|Publication number||US6988306 B2|
|Application number||US 10/724,105|
|Publication date||Jan 24, 2006|
|Filing date||Dec 1, 2003|
|Priority date||Dec 1, 2003|
|Also published as||US20050115045|
|Publication number||10724105, 724105, US 6988306 B2, US 6988306B2, US-B2-6988306, US6988306 B2, US6988306B2|
|Inventors||Holger J. Koenigsmann, Paul S. Gilman, Ivan Ward|
|Original Assignee||Praxair Technology, Inc.|
|Export Citation||BiBTeX, EndNote, RefMan|
|Patent Citations (10), Referenced by (8), Classifications (27), Legal Events (4)|
|External Links: USPTO, USPTO Assignment, Espacenet|
1. Field of the Invention
The present invention relates to sputter targets and sputter target assemblies having a uniform distribution of the magnetic leakage flux.
2. Description of Related Art
Cathode sputter targets and target assemblies are widely utilized for the deposition of thin layer materials onto wafer substrates and subsequent circuit patterns laid thereon. The process requires a gas ion bombardment of a target having a surface formed of a material that is desired to be deposited onto a substrate. The target forms part of a cathode assembly that, together with the anode, is placed in an evacuated chamber filled with an inert gas, such as argon. A high voltage electrical field is applied across the cathode and the anode. The inert gas is ionized by electrons ejected from the cathode. Positively charged gas ions are attracted to the cathode, and upon impingement with the target surface, these ions dislodge the target material. The dislodged target material traverses the evacuated chamber and deposits as a thin film on the desired substrate, which is usually located in close proximity to the anode.
To further increase sputtering the concurrent application of an arch-shaped magnetic field superimposed over the electrical field has been utilized. This method is known as a magnetron sputtering method. The arch-shaped magnetic field traps electrons in an annular region adjacent to the target surface, thereby increasing the number of electron-gas atom collisions in the area to produce an increase in the number of positive gas ions (i.e., plasma) in the region that strike the target to dislodge the target material.
For magnetron sputter targets, the magnetic leakage flux (MLF), also known as magnetic pass through flux (PTF) at the target surface must be high enough to ignite and sustain the plasma. Under normal sputtering conditions, the higher the magnet strength, the higher the MLF. In the case of ferromagnetic materials, however, the strength of the high intrinsic permeability of the material effectively shields or shunts the magnetic field from the magnets behind the target and hence reduces the MLF on the target surface.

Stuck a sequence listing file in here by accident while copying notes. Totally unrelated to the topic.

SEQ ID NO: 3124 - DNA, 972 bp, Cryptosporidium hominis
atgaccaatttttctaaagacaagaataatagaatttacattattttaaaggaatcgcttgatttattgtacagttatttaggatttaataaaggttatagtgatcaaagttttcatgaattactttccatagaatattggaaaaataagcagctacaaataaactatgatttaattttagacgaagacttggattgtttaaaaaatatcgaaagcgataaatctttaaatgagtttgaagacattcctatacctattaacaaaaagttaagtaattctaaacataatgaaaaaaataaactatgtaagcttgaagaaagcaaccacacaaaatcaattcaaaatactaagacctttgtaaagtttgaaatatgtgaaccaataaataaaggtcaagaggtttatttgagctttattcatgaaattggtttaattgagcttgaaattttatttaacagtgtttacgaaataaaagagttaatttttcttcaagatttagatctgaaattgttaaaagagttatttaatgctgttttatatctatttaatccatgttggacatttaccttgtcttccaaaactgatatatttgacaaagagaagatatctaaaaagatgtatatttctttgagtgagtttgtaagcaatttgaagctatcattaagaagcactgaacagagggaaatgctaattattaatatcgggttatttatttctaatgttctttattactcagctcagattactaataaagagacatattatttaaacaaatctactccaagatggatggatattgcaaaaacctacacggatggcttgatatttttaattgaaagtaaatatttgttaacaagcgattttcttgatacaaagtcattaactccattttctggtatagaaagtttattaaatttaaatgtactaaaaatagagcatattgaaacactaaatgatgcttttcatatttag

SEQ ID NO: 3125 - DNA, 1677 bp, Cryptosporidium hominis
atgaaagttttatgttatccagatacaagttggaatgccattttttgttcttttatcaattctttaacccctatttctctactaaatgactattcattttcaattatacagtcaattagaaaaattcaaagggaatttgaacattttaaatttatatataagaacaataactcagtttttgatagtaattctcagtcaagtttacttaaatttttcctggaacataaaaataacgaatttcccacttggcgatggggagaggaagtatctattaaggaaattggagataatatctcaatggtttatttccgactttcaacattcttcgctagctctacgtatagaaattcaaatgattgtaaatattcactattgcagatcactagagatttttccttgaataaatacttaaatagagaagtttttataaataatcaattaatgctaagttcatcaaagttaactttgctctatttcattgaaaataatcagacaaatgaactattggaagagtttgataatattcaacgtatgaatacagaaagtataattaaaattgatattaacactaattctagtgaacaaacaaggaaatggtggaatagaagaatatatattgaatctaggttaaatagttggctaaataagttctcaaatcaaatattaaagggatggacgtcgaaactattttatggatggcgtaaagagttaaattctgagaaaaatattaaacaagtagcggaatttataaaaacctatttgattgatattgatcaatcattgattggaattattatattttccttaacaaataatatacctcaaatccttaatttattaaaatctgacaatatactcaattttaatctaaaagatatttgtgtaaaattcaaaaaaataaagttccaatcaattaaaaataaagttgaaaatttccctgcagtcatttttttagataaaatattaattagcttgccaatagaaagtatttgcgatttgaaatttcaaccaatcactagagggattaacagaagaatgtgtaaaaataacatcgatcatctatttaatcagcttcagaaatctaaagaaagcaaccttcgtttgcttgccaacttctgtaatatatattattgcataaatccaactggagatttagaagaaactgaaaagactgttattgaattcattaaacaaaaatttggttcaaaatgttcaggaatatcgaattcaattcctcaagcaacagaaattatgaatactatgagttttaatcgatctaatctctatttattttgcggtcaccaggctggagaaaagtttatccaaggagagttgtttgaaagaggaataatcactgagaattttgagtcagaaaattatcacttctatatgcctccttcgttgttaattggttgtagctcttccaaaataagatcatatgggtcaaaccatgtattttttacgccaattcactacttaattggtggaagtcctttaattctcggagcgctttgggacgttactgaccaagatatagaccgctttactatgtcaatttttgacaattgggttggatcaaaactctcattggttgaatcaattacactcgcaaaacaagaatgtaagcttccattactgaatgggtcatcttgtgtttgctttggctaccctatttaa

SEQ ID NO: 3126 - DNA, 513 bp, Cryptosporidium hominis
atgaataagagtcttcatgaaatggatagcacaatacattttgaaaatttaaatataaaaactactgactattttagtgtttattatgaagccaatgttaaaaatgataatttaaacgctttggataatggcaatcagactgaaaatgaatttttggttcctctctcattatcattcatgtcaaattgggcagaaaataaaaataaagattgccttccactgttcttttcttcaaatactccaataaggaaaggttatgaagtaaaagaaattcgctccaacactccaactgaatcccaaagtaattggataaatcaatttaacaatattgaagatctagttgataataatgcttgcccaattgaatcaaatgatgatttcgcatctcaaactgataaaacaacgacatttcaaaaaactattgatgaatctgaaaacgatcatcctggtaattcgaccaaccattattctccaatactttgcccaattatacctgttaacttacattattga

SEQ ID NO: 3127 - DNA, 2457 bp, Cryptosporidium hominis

Considering the importance of the magnetic properties of sputter targets, manufacturers have relied upon various techniques to fabricate sputter targets with lower sputter target permeability and an increased PTF.
U.S. Pat. No. 4,401,546 discloses a planar ferromagnetic segmented target, where the segments are separated by gaps through which the magnetic field leaks to produce an MLF of 200 Gauss on the surface of the target.
U.S. Pat. No. 5,827,414 discloses a planar ferromagnetic target having a certain thickness due to the gaps in the target. The gaps in this configuration are radial gaps formed by slots in the target body that are perpendicular to the flux of the magnetron, thereby producing a more effective and homogeneous leakage magnetic field on and parallel to the surface of the target body so that the sputtering plasma density may be increased.
Other techniques developed include the hot or cold working of the sputter target blank to increase the PTF by manipulating the crystallographic structure. European Patent Document No. 799905 recognized that strain can manipulate a high-purity cobalt target's permeability. This patent publication discloses a process that relies upon either cold or warm rolling to reduce the target's initial permeability parallel to the target's surface to about 7. However, this process increases the permeability perpendicular to the target's surface.